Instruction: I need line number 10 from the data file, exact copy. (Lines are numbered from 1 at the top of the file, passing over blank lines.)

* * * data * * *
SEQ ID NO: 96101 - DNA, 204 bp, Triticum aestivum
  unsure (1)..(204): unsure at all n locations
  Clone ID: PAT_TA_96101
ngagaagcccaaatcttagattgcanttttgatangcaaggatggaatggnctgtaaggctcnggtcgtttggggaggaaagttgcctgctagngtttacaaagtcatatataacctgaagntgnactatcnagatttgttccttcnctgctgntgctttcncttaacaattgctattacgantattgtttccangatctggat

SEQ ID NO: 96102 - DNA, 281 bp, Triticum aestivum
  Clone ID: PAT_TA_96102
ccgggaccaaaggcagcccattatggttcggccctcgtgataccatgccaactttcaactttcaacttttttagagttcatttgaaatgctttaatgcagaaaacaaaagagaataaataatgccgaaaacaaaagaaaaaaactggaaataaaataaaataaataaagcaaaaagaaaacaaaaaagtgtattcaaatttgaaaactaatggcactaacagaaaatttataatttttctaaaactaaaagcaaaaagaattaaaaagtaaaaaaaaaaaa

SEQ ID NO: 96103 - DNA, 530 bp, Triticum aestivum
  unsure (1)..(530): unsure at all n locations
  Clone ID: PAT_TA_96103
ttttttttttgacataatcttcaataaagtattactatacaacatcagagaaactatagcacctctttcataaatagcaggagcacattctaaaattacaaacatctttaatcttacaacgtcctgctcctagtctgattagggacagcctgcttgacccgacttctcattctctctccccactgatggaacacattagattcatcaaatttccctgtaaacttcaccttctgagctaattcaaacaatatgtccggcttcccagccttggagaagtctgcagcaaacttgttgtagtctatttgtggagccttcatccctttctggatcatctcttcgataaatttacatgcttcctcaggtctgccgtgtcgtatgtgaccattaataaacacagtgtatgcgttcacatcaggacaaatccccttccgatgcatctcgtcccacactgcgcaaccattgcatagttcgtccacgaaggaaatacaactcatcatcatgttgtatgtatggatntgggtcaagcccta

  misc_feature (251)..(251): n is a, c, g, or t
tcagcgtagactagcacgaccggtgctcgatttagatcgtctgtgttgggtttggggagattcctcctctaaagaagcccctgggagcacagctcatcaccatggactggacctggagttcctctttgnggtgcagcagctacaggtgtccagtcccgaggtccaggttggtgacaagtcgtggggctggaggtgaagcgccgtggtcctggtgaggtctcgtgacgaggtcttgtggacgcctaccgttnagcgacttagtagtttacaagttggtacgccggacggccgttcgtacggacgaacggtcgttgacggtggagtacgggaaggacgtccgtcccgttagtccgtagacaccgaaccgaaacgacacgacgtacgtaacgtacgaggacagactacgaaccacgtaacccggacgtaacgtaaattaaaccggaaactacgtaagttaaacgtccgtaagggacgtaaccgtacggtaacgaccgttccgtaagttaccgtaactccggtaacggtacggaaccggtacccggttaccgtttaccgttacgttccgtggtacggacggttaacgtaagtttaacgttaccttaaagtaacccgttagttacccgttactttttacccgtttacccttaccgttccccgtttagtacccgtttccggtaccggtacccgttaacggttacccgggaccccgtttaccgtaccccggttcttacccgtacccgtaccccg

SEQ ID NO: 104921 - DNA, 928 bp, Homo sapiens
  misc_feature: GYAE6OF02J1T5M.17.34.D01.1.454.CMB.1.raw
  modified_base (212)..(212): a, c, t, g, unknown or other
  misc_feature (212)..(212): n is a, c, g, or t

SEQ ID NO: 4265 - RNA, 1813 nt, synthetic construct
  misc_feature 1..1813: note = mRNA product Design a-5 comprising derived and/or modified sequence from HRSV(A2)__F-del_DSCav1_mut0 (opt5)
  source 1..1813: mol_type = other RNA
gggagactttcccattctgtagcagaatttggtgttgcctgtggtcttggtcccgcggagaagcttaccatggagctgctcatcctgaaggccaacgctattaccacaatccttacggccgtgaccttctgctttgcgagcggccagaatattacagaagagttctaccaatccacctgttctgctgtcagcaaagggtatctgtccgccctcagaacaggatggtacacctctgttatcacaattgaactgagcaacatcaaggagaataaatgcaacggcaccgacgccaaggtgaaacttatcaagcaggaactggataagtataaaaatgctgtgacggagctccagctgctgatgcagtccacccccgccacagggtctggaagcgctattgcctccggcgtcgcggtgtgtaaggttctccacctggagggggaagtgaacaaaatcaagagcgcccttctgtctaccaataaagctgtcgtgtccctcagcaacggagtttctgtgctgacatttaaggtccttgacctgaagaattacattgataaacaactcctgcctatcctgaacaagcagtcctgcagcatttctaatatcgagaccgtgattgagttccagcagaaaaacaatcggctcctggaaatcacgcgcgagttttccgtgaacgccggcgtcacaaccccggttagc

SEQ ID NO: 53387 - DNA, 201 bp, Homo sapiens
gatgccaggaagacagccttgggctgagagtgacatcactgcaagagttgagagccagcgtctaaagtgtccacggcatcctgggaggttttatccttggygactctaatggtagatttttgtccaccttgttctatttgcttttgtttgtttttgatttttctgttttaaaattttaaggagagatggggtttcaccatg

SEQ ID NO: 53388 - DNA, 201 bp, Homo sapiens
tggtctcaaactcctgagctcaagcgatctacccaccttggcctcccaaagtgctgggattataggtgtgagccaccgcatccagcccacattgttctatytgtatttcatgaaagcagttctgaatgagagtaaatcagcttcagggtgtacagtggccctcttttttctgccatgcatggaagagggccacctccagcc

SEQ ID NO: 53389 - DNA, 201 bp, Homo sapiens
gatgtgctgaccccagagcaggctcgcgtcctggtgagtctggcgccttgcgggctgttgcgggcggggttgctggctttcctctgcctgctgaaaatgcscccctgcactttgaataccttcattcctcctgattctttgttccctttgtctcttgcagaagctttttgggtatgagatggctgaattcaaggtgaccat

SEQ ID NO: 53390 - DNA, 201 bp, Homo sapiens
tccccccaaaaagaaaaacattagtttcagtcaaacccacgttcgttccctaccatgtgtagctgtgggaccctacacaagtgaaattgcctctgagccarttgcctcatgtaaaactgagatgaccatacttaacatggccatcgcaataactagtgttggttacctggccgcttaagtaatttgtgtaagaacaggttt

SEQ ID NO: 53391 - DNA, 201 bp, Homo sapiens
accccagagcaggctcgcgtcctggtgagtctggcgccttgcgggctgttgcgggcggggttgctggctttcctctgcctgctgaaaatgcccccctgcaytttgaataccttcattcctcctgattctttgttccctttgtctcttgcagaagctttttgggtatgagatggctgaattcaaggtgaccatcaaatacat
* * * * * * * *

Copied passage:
  Clone ID: PAT_TA_96103